HELSINKI — The Baltic states are discussing whether joint military procurement will produce gains in capability and cost savings. in talks to examine the potential gains in capability building and cost savings that could accrue from linking future big ticket military equipment purchases.
The cross-border talks take place as all three NATO-aligned Baltic countries increase defense spending in the face of growing uncertainty over Russia’s intentions in the region. The end-goal is to deepen develop deeper joint military equipment acquisition among between the Baltic countries and potentially link extended to include the option of linking with in to future parallel weapon projects being run by the Nordic defense cooperation partnership.
Estonia, Latvia and Lithuania can now access activities under the Military Cooperation Areas of NORDEFCO, the now more inclusive Nordic defense collaboration vehicle. arrangement now allows all activities under the scope of the Nordic Defense Cooperation vehicle’s (NORDEFCO's Military Cooperation Areas (COPA) to be accessed for participation by Estonia, Latvia and Lithuania. Enhanced cooperation is planned within armaments, training and exercises, and capacity-building.
Strengthening national security is and collective defense capacities building are very much on the minds of Baltic governments against the backdrop of a more unpredictable Kremlin and Russia’s military intervention in Ukraine.
Ukraine President Petro Poroshenko added to the unease on Aug. 3, suggesting that Russia's long-term objective under Vladimir Putin is the takeover of the "whole of Europe," potentially starting with the Baltic states and Finland.
The cross-border joint acquisition talks, and potential bilateral agreements, are also occurring as taking place against the backdrop of increased defense spending plans by Estonia, Latvia and Lithuania plan to increase defense spending and as well as plans by the US intends to locate heavy equipment at secured depots in all three Baltic countries during the third quarter of 2015.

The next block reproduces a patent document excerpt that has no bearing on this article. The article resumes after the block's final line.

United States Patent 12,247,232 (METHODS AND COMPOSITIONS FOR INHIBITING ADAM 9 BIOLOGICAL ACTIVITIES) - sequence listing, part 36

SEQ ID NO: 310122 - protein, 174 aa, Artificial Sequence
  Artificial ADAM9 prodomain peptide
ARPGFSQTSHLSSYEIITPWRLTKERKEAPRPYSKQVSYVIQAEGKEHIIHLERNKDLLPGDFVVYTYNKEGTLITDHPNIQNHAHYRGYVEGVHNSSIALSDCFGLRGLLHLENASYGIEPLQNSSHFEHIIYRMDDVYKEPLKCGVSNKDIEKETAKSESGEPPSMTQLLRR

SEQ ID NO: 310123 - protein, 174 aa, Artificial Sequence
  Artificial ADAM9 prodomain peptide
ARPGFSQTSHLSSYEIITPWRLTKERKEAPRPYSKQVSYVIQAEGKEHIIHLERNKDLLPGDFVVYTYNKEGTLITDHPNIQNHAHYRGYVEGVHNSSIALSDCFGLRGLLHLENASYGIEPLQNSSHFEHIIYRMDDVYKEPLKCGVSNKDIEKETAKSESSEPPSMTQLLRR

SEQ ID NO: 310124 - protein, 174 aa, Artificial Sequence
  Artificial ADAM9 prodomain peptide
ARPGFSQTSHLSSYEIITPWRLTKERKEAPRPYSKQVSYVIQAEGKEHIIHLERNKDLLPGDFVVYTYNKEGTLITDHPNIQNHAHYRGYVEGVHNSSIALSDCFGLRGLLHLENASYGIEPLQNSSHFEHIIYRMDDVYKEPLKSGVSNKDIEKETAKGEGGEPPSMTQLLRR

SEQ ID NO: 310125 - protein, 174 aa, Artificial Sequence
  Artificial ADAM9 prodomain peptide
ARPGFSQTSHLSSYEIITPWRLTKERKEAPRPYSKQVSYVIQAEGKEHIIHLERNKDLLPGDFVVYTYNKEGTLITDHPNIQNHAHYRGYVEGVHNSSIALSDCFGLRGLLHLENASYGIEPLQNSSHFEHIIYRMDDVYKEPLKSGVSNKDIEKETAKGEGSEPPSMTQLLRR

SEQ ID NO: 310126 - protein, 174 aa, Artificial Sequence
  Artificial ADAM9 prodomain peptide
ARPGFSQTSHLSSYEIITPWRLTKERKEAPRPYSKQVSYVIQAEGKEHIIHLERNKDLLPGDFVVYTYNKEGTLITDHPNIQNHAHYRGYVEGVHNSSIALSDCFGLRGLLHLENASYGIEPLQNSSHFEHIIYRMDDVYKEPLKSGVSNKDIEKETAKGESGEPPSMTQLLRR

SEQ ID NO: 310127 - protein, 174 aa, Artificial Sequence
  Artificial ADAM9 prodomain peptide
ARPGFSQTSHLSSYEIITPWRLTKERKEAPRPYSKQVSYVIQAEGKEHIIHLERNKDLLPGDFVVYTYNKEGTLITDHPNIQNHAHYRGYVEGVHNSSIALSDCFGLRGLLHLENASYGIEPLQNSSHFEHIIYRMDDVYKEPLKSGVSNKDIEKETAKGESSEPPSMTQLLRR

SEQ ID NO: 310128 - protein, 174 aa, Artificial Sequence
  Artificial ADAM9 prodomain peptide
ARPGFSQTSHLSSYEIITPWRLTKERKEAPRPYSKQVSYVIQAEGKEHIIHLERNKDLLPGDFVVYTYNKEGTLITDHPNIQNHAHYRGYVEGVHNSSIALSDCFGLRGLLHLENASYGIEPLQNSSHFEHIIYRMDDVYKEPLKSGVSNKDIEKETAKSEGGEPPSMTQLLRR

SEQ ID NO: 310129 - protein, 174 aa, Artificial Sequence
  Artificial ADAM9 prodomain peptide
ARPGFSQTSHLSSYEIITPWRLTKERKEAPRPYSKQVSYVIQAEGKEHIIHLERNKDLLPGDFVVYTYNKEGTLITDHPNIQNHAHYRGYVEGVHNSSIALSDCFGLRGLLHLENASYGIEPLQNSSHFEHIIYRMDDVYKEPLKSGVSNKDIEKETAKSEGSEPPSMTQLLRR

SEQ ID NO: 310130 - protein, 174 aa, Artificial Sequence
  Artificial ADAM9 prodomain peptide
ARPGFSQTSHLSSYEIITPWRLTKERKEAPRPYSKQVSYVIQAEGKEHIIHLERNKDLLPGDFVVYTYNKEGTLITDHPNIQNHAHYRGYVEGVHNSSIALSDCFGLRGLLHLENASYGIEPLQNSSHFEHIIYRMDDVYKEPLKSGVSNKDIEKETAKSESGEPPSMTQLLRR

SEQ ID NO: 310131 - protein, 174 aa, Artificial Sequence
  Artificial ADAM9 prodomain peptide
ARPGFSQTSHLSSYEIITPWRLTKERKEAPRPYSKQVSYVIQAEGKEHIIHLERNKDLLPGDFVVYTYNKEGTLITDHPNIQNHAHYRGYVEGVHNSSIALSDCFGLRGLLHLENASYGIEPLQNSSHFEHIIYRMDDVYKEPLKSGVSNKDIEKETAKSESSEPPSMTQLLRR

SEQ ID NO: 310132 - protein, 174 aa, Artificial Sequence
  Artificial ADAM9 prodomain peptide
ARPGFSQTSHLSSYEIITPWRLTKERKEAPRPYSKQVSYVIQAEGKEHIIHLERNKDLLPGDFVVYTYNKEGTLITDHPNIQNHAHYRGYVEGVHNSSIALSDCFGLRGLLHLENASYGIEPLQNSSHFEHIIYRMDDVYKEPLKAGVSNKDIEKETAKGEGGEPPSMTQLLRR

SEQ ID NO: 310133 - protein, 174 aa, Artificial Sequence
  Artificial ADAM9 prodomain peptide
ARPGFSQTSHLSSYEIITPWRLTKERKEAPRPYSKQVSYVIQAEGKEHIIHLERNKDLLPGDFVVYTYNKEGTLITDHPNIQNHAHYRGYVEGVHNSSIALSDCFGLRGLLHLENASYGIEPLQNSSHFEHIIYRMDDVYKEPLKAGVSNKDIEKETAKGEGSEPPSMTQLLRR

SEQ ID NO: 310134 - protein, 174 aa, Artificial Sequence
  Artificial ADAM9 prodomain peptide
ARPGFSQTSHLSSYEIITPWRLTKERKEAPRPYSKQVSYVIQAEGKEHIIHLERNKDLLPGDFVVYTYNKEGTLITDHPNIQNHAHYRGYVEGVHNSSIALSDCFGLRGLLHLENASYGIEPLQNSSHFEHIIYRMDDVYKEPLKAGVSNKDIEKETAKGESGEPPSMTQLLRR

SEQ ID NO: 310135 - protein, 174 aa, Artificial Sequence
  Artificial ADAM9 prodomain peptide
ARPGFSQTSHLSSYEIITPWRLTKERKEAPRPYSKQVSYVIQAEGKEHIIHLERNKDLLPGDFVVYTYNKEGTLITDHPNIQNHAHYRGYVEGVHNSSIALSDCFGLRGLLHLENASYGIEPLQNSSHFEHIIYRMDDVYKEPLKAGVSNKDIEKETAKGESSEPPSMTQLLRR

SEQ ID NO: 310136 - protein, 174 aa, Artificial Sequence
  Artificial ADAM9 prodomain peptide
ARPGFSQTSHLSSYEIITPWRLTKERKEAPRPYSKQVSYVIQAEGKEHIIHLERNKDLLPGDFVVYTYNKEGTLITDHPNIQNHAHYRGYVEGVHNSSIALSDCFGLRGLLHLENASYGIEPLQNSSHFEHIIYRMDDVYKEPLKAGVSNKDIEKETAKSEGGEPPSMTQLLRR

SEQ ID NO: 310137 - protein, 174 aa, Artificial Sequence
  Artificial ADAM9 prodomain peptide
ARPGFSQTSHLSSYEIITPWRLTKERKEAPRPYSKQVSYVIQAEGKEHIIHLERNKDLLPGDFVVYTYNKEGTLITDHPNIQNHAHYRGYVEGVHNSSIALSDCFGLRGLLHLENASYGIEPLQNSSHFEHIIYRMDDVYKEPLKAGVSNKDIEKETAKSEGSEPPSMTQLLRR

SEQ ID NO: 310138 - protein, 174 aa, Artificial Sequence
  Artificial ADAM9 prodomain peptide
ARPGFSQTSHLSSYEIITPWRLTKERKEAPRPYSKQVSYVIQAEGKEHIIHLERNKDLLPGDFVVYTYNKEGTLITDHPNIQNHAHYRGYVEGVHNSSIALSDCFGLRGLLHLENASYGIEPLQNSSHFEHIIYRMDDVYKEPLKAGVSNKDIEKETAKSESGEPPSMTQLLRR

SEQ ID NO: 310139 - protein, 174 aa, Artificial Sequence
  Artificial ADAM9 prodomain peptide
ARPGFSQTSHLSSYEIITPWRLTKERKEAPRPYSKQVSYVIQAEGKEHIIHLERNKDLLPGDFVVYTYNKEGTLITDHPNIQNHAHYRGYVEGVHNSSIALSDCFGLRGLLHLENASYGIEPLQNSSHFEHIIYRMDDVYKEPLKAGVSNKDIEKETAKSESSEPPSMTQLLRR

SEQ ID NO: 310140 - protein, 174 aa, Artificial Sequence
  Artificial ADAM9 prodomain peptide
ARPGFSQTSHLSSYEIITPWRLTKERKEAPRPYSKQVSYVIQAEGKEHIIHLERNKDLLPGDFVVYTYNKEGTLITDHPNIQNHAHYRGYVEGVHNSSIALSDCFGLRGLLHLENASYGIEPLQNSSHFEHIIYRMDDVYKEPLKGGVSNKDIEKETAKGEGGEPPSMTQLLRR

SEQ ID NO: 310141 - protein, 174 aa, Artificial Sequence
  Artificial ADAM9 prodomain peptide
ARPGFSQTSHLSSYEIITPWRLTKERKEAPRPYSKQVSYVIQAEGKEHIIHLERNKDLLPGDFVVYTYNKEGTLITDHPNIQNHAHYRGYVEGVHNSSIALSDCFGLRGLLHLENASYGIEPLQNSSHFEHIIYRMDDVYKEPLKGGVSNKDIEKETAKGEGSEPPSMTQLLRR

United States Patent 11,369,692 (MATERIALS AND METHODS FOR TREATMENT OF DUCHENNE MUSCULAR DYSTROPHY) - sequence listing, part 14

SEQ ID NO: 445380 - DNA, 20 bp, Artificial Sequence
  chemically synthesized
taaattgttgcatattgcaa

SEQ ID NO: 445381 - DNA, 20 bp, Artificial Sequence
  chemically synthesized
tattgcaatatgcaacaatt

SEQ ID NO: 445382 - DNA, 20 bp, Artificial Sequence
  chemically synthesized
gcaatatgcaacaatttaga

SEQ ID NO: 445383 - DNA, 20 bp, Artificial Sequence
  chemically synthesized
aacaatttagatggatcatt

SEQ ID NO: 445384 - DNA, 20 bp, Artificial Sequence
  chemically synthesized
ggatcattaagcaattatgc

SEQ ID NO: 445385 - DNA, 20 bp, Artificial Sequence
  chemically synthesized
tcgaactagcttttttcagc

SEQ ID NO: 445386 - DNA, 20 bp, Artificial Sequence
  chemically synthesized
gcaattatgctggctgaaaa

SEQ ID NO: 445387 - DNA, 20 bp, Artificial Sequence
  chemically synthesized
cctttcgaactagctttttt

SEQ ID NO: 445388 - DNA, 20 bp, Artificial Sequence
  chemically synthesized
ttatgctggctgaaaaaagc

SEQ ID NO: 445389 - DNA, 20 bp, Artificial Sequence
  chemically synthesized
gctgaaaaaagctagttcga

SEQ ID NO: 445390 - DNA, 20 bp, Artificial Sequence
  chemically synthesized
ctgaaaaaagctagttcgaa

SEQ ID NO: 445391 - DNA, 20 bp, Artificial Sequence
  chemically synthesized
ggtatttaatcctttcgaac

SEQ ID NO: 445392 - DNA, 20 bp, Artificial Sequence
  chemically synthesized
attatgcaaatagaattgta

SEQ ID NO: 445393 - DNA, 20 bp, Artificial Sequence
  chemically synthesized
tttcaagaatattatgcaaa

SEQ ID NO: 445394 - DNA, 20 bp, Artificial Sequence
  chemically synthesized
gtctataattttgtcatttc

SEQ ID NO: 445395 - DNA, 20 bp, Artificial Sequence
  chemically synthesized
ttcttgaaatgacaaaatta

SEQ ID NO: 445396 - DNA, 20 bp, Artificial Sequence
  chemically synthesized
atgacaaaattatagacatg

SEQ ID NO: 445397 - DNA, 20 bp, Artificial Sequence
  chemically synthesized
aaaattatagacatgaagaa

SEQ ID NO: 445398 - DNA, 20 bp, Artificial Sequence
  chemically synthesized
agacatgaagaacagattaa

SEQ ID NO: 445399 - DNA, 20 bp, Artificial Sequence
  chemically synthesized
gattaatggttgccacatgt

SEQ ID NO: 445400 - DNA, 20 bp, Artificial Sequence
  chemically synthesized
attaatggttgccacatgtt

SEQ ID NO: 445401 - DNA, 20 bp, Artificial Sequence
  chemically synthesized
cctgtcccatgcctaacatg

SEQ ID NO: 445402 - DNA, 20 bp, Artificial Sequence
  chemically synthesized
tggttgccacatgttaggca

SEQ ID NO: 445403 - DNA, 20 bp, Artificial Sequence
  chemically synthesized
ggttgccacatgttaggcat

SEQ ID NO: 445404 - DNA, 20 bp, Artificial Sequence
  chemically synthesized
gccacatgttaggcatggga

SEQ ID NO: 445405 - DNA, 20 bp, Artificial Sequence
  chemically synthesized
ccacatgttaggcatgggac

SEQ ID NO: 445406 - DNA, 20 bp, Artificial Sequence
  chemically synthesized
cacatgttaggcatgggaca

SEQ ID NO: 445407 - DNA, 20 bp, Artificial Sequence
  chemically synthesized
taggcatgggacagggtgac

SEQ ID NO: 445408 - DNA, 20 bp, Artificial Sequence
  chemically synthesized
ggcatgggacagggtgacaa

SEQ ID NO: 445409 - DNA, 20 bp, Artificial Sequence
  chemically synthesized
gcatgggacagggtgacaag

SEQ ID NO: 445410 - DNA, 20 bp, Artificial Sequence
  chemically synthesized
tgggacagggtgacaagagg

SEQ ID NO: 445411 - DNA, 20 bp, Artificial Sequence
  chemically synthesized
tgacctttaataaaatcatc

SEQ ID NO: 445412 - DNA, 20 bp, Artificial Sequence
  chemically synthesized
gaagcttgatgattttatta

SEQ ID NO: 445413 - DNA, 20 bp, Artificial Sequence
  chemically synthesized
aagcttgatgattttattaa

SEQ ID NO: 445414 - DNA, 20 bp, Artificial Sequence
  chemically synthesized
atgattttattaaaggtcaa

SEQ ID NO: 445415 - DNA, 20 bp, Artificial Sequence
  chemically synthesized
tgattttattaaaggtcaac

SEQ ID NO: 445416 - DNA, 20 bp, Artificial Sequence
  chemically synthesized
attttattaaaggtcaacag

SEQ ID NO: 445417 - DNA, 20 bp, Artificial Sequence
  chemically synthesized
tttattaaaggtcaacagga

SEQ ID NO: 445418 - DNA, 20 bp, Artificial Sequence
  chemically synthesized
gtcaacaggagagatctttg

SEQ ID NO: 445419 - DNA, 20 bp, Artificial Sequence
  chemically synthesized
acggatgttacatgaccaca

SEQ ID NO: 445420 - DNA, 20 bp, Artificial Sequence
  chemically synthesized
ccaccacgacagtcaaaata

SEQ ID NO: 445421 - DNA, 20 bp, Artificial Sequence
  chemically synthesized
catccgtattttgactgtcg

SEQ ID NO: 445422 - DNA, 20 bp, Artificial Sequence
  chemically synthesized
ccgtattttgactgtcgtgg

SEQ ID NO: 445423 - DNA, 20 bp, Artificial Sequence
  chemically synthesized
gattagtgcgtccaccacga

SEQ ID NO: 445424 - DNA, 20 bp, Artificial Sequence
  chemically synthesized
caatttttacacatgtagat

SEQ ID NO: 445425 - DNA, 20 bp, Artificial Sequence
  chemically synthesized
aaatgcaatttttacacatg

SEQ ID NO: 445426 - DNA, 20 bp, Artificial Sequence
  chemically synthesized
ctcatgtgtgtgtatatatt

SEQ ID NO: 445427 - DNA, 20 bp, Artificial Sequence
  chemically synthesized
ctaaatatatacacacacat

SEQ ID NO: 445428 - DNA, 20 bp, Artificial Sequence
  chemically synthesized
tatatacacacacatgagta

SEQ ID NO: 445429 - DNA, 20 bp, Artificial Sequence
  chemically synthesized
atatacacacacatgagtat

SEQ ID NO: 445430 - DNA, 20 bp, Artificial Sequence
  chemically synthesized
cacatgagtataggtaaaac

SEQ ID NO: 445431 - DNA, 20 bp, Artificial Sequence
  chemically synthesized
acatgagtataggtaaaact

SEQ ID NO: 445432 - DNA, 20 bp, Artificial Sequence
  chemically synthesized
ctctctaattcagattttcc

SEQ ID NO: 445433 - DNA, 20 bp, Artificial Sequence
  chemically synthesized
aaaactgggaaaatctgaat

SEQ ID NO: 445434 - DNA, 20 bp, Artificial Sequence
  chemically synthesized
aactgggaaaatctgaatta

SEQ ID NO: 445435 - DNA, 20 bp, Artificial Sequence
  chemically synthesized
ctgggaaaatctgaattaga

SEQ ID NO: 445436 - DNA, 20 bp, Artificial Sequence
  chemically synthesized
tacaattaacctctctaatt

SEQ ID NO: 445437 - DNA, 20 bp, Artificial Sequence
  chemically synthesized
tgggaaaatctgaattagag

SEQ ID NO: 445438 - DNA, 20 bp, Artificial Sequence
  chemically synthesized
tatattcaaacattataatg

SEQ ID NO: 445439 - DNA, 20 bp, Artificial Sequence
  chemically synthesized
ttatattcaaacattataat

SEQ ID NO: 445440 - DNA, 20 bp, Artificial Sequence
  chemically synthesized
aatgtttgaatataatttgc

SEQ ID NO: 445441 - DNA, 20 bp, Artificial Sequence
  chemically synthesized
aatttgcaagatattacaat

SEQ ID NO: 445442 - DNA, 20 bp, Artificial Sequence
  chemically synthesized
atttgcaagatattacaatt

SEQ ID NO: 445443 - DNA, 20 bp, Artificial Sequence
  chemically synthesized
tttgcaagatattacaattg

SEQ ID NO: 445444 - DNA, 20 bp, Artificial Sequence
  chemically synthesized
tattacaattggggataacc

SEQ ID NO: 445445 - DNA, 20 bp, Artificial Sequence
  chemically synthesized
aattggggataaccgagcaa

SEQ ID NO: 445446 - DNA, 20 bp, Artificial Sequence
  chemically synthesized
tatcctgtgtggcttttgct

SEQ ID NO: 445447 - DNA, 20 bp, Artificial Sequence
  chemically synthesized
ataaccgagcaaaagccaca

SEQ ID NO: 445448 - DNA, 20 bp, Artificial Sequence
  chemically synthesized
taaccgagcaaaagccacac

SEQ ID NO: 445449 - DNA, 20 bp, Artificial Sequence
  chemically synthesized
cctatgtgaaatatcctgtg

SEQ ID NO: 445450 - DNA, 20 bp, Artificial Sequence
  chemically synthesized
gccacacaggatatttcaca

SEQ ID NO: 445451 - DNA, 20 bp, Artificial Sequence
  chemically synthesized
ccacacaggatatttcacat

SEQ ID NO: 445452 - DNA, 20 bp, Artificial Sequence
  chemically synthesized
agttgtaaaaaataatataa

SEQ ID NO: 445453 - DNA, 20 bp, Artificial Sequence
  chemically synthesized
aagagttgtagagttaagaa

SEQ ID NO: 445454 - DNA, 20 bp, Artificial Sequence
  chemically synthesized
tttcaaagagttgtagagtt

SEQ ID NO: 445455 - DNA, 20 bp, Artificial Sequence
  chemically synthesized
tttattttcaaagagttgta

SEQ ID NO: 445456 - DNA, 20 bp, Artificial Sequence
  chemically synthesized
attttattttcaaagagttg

The joint acquisition of air-defense systems has emerged as a key area in the collective armaments procurement discussions. The possibility of a common purchase was raised during talks between Latvian and Lithuanian Presidents Raimonds Vejonis and Dalia Grybauskaite in Vilnius in mid-July.
"Issues related to strengthening military cooperation were covered, and talks included the joint acquisition of weaponry, especially relating to air defense," Vejonis said at a post-talks press conference. Joint purchases, he said, also offered the advantage of reducing overall costs on future equipment buys.
The examination process will include a review of Nordic investment plans for short- and medium-range air defenses. Sweden is considering the establishment of a medium-range air defense system on Gotland Island that would cover the Baltic Sea area.
In May, the three Baltic states agreed to open a dialogue with the US and Poland on the development of a joint midrange air defense system to reinforce capability gaps. in their critical defense capabilities. A draft plan, which is expected to include a proposal for the common purchase of missiles, is due by the end of 2015.
"We face an increased security threat, and this requires us to strengthen defense cooperation. Regional defense collaboration among the Baltic states is more critical now than ever. Our assurance in terms of our security is our solidarity," said Juozas Olekas, Lithuania's defense minister.
Baltic military command organizations are also discussing increased cooperation in other core areas such as larger-scale cross-border exercises, Olekas said.